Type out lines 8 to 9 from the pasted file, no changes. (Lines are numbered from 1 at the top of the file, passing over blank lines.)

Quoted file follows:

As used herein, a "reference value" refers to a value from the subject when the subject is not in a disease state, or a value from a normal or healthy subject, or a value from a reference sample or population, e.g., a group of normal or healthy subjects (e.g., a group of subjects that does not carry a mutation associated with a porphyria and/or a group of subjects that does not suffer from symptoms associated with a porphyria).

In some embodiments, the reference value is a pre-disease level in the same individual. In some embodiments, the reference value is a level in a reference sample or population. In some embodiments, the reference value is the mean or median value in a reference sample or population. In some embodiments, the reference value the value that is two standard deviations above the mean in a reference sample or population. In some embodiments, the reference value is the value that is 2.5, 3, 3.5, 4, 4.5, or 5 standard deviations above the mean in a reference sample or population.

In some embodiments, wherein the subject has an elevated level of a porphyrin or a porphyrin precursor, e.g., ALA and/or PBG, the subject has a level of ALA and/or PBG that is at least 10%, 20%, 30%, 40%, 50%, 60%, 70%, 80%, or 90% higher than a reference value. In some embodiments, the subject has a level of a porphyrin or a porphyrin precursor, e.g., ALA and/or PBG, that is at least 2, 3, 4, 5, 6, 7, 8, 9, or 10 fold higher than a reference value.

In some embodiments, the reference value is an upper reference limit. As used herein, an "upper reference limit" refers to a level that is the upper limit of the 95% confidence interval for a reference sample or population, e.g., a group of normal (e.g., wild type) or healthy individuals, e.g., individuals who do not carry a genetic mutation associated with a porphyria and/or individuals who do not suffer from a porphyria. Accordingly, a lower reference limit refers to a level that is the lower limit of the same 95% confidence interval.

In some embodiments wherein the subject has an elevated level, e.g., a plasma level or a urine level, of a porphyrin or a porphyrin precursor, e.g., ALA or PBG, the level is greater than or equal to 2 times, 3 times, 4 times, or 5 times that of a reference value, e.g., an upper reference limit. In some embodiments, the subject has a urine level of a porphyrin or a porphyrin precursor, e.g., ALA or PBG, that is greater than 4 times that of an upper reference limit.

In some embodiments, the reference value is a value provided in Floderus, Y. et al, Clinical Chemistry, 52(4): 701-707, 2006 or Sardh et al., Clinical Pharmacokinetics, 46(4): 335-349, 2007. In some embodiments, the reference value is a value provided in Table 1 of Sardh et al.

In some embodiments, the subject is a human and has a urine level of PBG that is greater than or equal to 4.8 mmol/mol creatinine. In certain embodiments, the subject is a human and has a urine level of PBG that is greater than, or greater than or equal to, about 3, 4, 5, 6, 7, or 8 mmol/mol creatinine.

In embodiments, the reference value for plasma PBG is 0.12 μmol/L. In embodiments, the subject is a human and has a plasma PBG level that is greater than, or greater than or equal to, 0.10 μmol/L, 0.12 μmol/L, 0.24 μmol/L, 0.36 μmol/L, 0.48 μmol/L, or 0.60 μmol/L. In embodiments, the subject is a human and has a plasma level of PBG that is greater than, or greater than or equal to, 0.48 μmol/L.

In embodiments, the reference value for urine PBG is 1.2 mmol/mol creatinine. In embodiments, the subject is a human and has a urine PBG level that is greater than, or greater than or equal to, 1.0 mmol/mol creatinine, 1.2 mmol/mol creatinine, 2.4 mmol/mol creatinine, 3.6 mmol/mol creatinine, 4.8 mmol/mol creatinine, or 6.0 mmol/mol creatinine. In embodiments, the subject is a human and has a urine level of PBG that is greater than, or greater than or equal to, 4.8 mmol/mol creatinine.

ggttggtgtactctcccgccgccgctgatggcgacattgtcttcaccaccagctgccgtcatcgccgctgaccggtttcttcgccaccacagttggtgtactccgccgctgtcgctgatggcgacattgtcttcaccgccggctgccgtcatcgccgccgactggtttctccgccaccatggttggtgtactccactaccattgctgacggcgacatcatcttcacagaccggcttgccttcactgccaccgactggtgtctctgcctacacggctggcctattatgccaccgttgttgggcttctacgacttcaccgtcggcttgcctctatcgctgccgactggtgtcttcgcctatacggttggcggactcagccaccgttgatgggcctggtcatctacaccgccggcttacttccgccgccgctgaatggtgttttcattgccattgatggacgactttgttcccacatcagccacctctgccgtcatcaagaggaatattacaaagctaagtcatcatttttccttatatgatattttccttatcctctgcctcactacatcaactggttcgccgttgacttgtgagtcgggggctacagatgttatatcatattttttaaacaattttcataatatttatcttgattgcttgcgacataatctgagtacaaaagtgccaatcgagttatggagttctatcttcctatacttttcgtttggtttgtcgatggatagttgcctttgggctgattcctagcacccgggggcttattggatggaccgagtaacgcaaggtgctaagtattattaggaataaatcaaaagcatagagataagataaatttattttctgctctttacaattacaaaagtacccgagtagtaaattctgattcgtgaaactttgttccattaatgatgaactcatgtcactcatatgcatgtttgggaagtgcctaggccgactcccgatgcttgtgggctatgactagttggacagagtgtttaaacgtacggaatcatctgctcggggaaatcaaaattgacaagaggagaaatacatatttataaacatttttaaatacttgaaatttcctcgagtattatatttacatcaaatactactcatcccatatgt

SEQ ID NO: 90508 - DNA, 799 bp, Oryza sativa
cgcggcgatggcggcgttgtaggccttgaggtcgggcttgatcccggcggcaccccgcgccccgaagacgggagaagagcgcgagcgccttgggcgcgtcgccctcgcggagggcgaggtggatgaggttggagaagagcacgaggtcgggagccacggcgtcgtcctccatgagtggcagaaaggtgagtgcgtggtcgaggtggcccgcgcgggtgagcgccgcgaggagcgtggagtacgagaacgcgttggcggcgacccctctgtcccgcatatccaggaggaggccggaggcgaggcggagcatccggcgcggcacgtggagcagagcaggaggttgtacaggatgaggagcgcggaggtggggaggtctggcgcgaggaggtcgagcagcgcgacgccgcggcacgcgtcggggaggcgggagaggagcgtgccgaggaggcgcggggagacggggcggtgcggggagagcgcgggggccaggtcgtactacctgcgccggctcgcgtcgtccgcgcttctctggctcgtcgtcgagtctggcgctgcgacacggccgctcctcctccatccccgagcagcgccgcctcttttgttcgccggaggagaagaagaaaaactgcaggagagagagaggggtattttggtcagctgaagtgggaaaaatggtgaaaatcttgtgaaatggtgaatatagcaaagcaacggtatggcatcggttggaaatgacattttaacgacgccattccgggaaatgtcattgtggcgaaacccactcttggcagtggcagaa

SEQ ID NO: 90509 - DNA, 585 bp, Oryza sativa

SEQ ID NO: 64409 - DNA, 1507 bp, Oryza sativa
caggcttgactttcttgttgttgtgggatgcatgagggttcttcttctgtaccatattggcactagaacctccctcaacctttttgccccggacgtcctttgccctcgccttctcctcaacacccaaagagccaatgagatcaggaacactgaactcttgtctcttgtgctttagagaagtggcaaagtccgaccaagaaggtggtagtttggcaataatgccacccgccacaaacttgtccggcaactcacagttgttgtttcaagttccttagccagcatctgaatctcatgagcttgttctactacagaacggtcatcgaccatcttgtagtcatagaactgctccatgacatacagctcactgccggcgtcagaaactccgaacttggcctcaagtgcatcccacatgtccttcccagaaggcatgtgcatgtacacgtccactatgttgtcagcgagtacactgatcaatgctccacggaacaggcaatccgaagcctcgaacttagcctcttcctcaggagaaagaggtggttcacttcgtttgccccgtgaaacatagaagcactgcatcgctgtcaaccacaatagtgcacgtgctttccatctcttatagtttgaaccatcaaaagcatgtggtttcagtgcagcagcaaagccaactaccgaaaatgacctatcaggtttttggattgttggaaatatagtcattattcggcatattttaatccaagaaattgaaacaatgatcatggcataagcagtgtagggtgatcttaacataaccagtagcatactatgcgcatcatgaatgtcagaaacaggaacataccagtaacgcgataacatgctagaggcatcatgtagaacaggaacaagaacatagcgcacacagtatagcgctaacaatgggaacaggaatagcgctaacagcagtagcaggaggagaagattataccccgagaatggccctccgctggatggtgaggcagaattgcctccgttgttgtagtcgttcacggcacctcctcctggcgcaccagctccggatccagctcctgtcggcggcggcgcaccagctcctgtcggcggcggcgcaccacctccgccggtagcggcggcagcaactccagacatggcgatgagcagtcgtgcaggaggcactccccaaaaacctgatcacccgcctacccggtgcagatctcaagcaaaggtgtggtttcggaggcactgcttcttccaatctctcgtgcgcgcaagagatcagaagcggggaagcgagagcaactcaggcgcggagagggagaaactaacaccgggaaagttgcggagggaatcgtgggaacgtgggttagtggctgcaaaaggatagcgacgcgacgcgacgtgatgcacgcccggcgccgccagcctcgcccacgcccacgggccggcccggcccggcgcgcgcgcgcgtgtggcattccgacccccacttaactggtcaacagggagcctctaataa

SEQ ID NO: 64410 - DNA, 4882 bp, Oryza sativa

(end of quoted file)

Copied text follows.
In embodiments, the reference value for plasma PBG is 0.12 μmol/L. In embodiments, the subject is a human and has a plasma PBG level that is greater than, or greater than or equal to, 0.10 μmol/L, 0.12 μmol/L, 0.24 μmol/L, 0.36 μmol/L, 0.48 μmol/L, or 0.60 μmol/L. In embodiments, the subject is a human and has a plasma level of PBG that is greater than, or greater than or equal to, 0.48 μmol/L.

In embodiments, the reference value for urine PBG is 1.2 mmol/mol creatinine. In embodiments, the subject is a human and has a urine PBG level that is greater than, or greater than or equal to, 1.0 mmol/mol creatinine, 1.2 mmol/mol creatinine, 2.4 mmol/mol creatinine, 3.6 mmol/mol creatinine, 4.8 mmol/mol creatinine, or 6.0 mmol/mol creatinine. In embodiments, the subject is a human and has a urine level of PBG that is greater than, or greater than or equal to, 4.8 mmol/mol creatinine.